Writing things off… until tomorrow

Does the thought of having to write an article for your weekly newsletter make you cringe? Do you turn a sickly green when it’s time to write an advice article for a media outlet? Would you rather tidy your office than write a letter to a client or a briefing on a new product or service?

A lot of people find writing extended pieces of prose painful and are inclined to add these type of tasks to the ‘When I get around to it’ or ‘Things to do tomorrow’ pile. This sort of behaviour is actually a not-so-cleverly disguised form of procrastination, and you know it!

What holds a lot of people back from having some alone time with their computer or notebook is all of the added chores the process entails, like having to do additional research, cite sources and find images – all while maintaining a professional, friendly, serious or light-hearted tone. In short, a lot of work is involved, which makes the thought of putting it off until tomorrow all the more appealing.

However, unless the Apocalypse happens, tomorrow is going to dawn and that dreaded writing task is still going to be there. So, how about biting the bullet and tackling it today? It’s a lot less frightening when you break it down into manageable parts, we promise! Here’s what you do.

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1. List the main points

An extended piece of writing works best for your readers if you break it up using headlines. This makes it easier for them to pick out the key points and it’s a lot more inviting than a huge block of text. If you’ve gone to all the effort of writing something, you want people to read it! Start by listing all of the main points you want to make in the correct order.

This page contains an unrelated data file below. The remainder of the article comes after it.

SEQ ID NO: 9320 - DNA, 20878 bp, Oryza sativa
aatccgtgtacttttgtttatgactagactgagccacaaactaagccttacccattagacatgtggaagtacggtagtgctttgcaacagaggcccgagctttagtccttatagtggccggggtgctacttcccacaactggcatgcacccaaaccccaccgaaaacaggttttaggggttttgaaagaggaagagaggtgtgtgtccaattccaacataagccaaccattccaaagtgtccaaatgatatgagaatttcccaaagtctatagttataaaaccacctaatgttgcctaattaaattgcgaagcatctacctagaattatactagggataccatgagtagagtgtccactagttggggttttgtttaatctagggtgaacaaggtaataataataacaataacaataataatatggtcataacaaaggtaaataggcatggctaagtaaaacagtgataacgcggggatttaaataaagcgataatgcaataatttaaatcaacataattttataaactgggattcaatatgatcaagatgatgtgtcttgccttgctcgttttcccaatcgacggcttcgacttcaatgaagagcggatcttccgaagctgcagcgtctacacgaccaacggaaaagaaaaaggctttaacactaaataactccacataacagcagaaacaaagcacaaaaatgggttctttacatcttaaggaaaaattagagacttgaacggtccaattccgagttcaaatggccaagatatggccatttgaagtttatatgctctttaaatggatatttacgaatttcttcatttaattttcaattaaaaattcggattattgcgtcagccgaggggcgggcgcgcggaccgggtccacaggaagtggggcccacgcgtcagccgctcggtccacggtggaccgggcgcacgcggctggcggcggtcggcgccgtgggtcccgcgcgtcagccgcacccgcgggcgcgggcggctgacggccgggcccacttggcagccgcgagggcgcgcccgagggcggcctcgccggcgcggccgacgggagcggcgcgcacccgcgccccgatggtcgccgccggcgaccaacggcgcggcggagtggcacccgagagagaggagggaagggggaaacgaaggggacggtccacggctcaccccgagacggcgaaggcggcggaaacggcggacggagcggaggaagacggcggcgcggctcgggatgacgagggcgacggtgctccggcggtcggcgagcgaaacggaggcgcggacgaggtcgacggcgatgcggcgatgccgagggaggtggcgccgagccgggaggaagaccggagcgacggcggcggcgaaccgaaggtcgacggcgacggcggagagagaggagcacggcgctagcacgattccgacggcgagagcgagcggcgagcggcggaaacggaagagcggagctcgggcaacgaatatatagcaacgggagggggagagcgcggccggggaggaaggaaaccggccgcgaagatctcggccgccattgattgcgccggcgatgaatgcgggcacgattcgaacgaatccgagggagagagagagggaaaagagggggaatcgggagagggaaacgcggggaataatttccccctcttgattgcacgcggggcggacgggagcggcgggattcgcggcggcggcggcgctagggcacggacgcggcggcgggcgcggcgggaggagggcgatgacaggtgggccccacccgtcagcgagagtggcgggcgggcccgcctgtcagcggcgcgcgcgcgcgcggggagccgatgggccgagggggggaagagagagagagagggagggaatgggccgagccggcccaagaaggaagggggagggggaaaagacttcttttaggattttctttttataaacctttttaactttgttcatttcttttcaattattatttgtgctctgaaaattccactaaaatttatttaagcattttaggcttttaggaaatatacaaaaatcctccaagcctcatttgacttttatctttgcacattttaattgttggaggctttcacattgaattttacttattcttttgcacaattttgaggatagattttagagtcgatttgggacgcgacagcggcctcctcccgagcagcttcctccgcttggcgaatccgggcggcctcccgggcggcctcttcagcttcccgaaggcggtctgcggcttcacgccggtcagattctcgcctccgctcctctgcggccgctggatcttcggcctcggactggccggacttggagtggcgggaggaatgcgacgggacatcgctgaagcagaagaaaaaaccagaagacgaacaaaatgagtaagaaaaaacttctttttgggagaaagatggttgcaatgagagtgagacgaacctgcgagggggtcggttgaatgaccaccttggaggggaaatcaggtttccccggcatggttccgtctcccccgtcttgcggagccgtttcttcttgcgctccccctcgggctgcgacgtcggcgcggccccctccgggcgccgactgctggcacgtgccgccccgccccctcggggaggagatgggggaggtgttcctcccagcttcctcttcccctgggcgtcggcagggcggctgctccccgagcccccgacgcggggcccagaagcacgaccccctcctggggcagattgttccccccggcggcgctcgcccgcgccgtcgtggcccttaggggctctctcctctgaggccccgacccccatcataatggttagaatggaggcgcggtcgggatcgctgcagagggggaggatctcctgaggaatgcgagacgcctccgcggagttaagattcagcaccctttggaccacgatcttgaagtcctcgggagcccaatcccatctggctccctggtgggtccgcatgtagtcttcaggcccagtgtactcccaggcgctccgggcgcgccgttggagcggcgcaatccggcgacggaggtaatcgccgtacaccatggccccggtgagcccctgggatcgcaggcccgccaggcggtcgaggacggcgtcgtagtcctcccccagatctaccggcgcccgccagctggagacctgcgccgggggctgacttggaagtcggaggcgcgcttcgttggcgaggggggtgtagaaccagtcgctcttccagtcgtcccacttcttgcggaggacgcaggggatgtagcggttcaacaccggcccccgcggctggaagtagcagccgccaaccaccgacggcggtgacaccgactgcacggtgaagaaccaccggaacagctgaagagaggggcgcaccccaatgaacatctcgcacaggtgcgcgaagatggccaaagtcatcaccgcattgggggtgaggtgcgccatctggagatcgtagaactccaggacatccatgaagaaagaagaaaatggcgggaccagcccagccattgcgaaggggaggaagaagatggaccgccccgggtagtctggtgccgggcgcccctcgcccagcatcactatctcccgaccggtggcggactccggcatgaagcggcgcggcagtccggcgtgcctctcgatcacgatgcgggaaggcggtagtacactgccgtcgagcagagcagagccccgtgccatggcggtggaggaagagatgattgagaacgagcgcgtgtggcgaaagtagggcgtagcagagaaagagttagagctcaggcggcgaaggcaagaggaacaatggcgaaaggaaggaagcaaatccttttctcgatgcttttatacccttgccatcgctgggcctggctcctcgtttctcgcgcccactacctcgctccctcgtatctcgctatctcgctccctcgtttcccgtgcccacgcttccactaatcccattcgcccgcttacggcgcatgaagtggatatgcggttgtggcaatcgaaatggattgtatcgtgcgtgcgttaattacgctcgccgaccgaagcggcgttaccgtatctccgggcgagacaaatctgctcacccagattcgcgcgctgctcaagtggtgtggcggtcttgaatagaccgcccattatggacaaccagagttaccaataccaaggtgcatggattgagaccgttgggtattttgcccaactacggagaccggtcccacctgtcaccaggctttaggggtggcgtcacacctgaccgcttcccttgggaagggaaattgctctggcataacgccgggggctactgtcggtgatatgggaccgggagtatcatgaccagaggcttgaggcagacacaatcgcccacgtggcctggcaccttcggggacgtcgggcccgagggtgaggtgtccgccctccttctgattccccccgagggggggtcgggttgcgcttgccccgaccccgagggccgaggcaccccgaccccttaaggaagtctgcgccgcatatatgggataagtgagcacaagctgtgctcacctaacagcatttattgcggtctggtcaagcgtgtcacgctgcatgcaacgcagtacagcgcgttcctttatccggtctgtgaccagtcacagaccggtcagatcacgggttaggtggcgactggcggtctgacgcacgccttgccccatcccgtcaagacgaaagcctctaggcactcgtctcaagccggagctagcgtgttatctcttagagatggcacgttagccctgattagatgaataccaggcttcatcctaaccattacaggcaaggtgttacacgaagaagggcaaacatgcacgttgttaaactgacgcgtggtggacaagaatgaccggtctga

Don’t worry about adding the information you want to include in, yet. Baby steps!

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2. Lay out the paragraphs

Now that you’ve got a framework to work with, you can start to add in some of the details. Under each of your key points, sketch out a paragraph that explains the point and another that outlines the benefits. You don’t have to include all of the details – 2 sentences for each paragraph should do the trick! So far, your page should look like this:


[unordered_list style=”circle” number_type=”circle_number” animate=”no” font_weight=”bold”]

  • 2 sentences that explain the point
  • 2 sentences that outline the benefits



[unordered_list style=”circle” number_type=”circle_number” animate=”no” font_weight=”bold”]

  • 2 sentences that explain the point
  • 2 sentences that outline the benefits

And so forth until all of your points have been covered.

Now that you’ve broken your writing task down into manageable pieces, going back and filling in all of the juicy details should be a piece of cake!


3. Format it

Once you’ve finished imparting all the knowledge that the writing task demands, go back through it and use plenty of formatting – headers, italic or bold text, bullet points – to break up all that text. Make sure that your paragraphs have a maximum of four sentences in them – otherwise they are less likely to be read. Finally, proof-read and re-read your article to avoid discrediting your great advice.

So, is that your computer or notebook we hear calling?

What writing tasks do you have in your ‘tomorrow’ pile?

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